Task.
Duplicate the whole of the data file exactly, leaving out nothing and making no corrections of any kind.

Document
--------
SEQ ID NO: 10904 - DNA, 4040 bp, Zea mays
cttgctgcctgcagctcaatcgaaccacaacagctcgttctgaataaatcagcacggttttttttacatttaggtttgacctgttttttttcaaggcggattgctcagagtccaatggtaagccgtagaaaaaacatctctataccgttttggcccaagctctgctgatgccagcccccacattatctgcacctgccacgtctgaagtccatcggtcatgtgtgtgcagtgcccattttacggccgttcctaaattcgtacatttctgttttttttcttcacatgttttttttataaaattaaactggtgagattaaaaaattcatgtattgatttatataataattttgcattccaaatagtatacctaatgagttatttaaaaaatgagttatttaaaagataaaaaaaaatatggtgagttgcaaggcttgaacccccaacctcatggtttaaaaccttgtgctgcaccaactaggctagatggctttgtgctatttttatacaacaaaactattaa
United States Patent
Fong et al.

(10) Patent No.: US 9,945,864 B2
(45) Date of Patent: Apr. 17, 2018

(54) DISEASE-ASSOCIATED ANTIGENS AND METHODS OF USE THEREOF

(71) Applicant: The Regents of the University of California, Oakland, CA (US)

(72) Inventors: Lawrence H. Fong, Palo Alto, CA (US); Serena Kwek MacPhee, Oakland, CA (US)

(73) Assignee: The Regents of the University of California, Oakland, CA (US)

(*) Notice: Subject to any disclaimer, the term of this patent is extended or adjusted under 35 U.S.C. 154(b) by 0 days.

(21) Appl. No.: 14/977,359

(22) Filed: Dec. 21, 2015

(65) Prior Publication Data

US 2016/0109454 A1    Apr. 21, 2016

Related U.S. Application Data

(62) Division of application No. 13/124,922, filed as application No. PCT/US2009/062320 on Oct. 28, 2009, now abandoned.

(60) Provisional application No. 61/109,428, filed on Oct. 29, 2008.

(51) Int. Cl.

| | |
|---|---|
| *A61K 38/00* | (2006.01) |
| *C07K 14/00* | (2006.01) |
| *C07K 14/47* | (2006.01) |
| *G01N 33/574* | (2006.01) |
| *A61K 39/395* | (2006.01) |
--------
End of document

SEQ ID NO: 10904 - DNA, 4040 bp, Zea mays
cttgctgcctgcagctcaatcgaaccacaacagctcgttctgaataaatcagcacggttttttttacatttaggtttgacctgttttttttcaaggcggattgctcagagtccaatggtaagccgtagaaaaaacatctctataccgttttggcccaagctctgctgatgccagcccccacattatctgcacctgccacgtctgaagtccatcggtcatgtgtgtgcagtgcccattttacggccgttcctaaattcgtacatttctgttttttttcttcacatgttttttttataaaattaaactggtgagattaaaaaattcatgtattgatttatataataattttgcattccaaatagtatacctaatgagttatttaaaaaatgagttatttaaaagataaaaaaaaatatggtgagttgcaaggcttgaacccccaacctcatggtttaaaaccttgtgctgcaccaactaggctagatggctttgtgctatttttatacaacaaaactattaa
United States Patent
Fong et al.

(10) Patent No.: US 9,945,864 B2
(45) Date of Patent: Apr. 17, 2018

(54) DISEASE-ASSOCIATED ANTIGENS AND METHODS OF USE THEREOF

(71) Applicant: The Regents of the University of California, Oakland, CA (US)

(72) Inventors: Lawrence H. Fong, Palo Alto, CA (US); Serena Kwek MacPhee, Oakland, CA (US)

(73) Assignee: The Regents of the University of California, Oakland, CA (US)

(*) Notice: Subject to any disclaimer, the term of this patent is extended or adjusted under 35 U.S.C. 154(b) by 0 days.

(21) Appl. No.: 14/977,359

(22) Filed: Dec. 21, 2015

(65) Prior Publication Data

US 2016/0109454 A1    Apr. 21, 2016

Related U.S. Application Data

(62) Division of application No. 13/124,922, filed as application No. PCT/US2009/062320 on Oct. 28, 2009, now abandoned.

(60) Provisional application No. 61/109,428, filed on Oct. 29, 2008.

(51) Int. Cl.

| | |
|---|---|
| *A61K 38/00* | (2006.01) |
| *C07K 14/00* | (2006.01) |
| *C07K 14/47* | (2006.01) |
| *G01N 33/574* | (2006.01) |
| *A61K 39/395* | (2006.01) |